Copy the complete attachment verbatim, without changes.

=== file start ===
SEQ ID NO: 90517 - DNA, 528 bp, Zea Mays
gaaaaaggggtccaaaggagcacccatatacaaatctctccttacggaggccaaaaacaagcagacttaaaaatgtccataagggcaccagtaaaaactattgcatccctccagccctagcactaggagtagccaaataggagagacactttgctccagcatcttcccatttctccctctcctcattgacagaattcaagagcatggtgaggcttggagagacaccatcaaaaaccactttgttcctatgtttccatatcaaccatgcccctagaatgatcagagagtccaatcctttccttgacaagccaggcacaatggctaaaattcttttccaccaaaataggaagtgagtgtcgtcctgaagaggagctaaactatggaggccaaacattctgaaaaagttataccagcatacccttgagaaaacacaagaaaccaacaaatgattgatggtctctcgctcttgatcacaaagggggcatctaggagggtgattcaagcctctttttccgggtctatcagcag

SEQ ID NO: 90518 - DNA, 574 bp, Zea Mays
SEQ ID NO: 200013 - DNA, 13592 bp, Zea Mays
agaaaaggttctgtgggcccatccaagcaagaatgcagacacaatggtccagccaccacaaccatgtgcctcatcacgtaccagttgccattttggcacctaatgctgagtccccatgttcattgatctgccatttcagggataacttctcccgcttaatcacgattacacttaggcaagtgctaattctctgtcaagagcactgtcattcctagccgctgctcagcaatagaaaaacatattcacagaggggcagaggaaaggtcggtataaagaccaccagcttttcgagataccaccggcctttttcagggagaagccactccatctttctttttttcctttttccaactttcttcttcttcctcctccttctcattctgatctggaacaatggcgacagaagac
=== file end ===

SEQ ID NO: 90517 - DNA, 528 bp, Zea Mays
gaaaaaggggtccaaaggagcacccatatacaaatctctccttacggaggccaaaaacaagcagacttaaaaatgtccataagggcaccagtaaaaactattgcatccctccagccctagcactaggagtagccaaataggagagacactttgctccagcatcttcccatttctccctctcctcattgacagaattcaagagcatggtgaggcttggagagacaccatcaaaaaccactttgttcctatgtttccatatcaaccatgcccctagaatgatcagagagtccaatcctttccttgacaagccaggcacaatggctaaaattcttttccaccaaaataggaagtgagtgtcgtcctgaagaggagctaaactatggaggccaaacattctgaaaaagttataccagcatacccttgagaaaacacaagaaaccaacaaatgattgatggtctctcgctcttgatcacaaagggggcatctaggagggtgattcaagcctctttttccgggtctatcagcag

SEQ ID NO: 90518 - DNA, 574 bp, Zea Mays
SEQ ID NO: 200013 - DNA, 13592 bp, Zea Mays
agaaaaggttctgtgggcccatccaagcaagaatgcagacacaatggtccagccaccacaaccatgtgcctcatcacgtaccagttgccattttggcacctaatgctgagtccccatgttcattgatctgccatttcagggataacttctcccgcttaatcacgattacacttaggcaagtgctaattctctgtcaagagcactgtcattcctagccgctgctcagcaatagaaaaacatattcacagaggggcagaggaaaggtcggtataaagaccaccagcttttcgagataccaccggcctttttcagggagaagccactccatctttctttttttcctttttccaactttcttcttcttcctcctccttctcattctgatctggaacaatggcgacagaagac